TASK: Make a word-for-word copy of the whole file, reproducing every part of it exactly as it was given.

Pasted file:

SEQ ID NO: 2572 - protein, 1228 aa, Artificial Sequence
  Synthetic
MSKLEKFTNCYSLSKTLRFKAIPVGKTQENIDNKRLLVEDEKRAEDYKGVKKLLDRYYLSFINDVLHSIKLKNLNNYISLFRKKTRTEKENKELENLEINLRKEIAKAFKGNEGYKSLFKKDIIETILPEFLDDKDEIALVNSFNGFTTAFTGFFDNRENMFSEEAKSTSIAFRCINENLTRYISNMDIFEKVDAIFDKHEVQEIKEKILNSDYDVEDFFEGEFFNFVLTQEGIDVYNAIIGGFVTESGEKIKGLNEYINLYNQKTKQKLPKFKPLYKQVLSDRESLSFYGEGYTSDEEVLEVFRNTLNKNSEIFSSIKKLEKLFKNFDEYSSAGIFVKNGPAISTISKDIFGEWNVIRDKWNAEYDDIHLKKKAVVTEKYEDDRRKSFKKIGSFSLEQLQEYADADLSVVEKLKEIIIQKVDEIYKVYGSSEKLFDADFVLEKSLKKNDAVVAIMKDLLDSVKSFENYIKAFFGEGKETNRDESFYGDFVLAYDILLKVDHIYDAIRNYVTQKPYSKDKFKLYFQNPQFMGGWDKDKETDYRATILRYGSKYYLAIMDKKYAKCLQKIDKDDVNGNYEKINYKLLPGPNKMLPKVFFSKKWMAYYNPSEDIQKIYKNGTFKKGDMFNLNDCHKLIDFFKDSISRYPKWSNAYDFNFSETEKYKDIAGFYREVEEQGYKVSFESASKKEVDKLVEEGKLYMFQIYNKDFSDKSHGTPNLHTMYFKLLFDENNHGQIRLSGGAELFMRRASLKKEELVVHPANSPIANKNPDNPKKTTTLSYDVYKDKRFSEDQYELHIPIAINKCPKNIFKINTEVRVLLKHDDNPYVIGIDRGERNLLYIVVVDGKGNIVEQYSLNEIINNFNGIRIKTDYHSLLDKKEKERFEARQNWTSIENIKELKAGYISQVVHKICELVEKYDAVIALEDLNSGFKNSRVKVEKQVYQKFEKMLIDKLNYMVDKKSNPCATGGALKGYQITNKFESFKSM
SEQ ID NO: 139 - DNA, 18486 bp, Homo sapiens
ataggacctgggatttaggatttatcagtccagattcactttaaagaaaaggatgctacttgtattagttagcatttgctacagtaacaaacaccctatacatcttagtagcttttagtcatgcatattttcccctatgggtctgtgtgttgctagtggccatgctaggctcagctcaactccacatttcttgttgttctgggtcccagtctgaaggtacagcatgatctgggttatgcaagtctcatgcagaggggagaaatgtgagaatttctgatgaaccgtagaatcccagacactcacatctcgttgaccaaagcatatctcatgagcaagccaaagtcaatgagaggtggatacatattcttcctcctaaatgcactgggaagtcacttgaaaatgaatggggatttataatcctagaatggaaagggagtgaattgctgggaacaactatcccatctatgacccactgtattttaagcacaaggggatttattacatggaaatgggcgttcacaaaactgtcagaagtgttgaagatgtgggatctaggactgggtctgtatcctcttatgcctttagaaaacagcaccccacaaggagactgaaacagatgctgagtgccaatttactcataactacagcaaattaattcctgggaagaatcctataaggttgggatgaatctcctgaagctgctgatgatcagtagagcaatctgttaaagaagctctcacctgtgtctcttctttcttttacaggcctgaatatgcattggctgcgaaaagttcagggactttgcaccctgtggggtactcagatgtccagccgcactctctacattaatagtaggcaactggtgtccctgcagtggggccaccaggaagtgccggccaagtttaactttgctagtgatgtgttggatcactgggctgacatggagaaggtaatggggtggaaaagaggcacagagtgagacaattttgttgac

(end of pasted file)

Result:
SEQ ID NO: 2572 - protein, 1228 aa, Artificial Sequence
  Synthetic
MSKLEKFTNCYSLSKTLRFKAIPVGKTQENIDNKRLLVEDEKRAEDYKGVKKLLDRYYLSFINDVLHSIKLKNLNNYISLFRKKTRTEKENKELENLEINLRKEIAKAFKGNEGYKSLFKKDIIETILPEFLDDKDEIALVNSFNGFTTAFTGFFDNRENMFSEEAKSTSIAFRCINENLTRYISNMDIFEKVDAIFDKHEVQEIKEKILNSDYDVEDFFEGEFFNFVLTQEGIDVYNAIIGGFVTESGEKIKGLNEYINLYNQKTKQKLPKFKPLYKQVLSDRESLSFYGEGYTSDEEVLEVFRNTLNKNSEIFSSIKKLEKLFKNFDEYSSAGIFVKNGPAISTISKDIFGEWNVIRDKWNAEYDDIHLKKKAVVTEKYEDDRRKSFKKIGSFSLEQLQEYADADLSVVEKLKEIIIQKVDEIYKVYGSSEKLFDADFVLEKSLKKNDAVVAIMKDLLDSVKSFENYIKAFFGEGKETNRDESFYGDFVLAYDILLKVDHIYDAIRNYVTQKPYSKDKFKLYFQNPQFMGGWDKDKETDYRATILRYGSKYYLAIMDKKYAKCLQKIDKDDVNGNYEKINYKLLPGPNKMLPKVFFSKKWMAYYNPSEDIQKIYKNGTFKKGDMFNLNDCHKLIDFFKDSISRYPKWSNAYDFNFSETEKYKDIAGFYREVEEQGYKVSFESASKKEVDKLVEEGKLYMFQIYNKDFSDKSHGTPNLHTMYFKLLFDENNHGQIRLSGGAELFMRRASLKKEELVVHPANSPIANKNPDNPKKTTTLSYDVYKDKRFSEDQYELHIPIAINKCPKNIFKINTEVRVLLKHDDNPYVIGIDRGERNLLYIVVVDGKGNIVEQYSLNEIINNFNGIRIKTDYHSLLDKKEKERFEARQNWTSIENIKELKAGYISQVVHKICELVEKYDAVIALEDLNSGFKNSRVKVEKQVYQKFEKMLIDKLNYMVDKKSNPCATGGALKGYQITNKFESFKSM
SEQ ID NO: 139 - DNA, 18486 bp, Homo sapiens
ataggacctgggatttaggatttatcagtccagattcactttaaagaaaaggatgctacttgtattagttagcatttgctacagtaacaaacaccctatacatcttagtagcttttagtcatgcatattttcccctatgggtctgtgtgttgctagtggccatgctaggctcagctcaactccacatttcttgttgttctgggtcccagtctgaaggtacagcatgatctgggttatgcaagtctcatgcagaggggagaaatgtgagaatttctgatgaaccgtagaatcccagacactcacatctcgttgaccaaagcatatctcatgagcaagccaaagtcaatgagaggtggatacatattcttcctcctaaatgcactgggaagtcacttgaaaatgaatggggatttataatcctagaatggaaagggagtgaattgctgggaacaactatcccatctatgacccactgtattttaagcacaaggggatttattacatggaaatgggcgttcacaaaactgtcagaagtgttgaagatgtgggatctaggactgggtctgtatcctcttatgcctttagaaaacagcaccccacaaggagactgaaacagatgctgagtgccaatttactcataactacagcaaattaattcctgggaagaatcctataaggttgggatgaatctcctgaagctgctgatgatcagtagagcaatctgttaaagaagctctcacctgtgtctcttctttcttttacaggcctgaatatgcattggctgcgaaaagttcagggactttgcaccctgtggggtactcagatgtccagccgcactctctacattaatagtaggcaactggtgtccctgcagtggggccaccaggaagtgccggccaagtttaactttgctagtgatgtgttggatcactgggctgacatggagaaggtaatggggtggaaaagaggcacagagtgagacaattttgttgac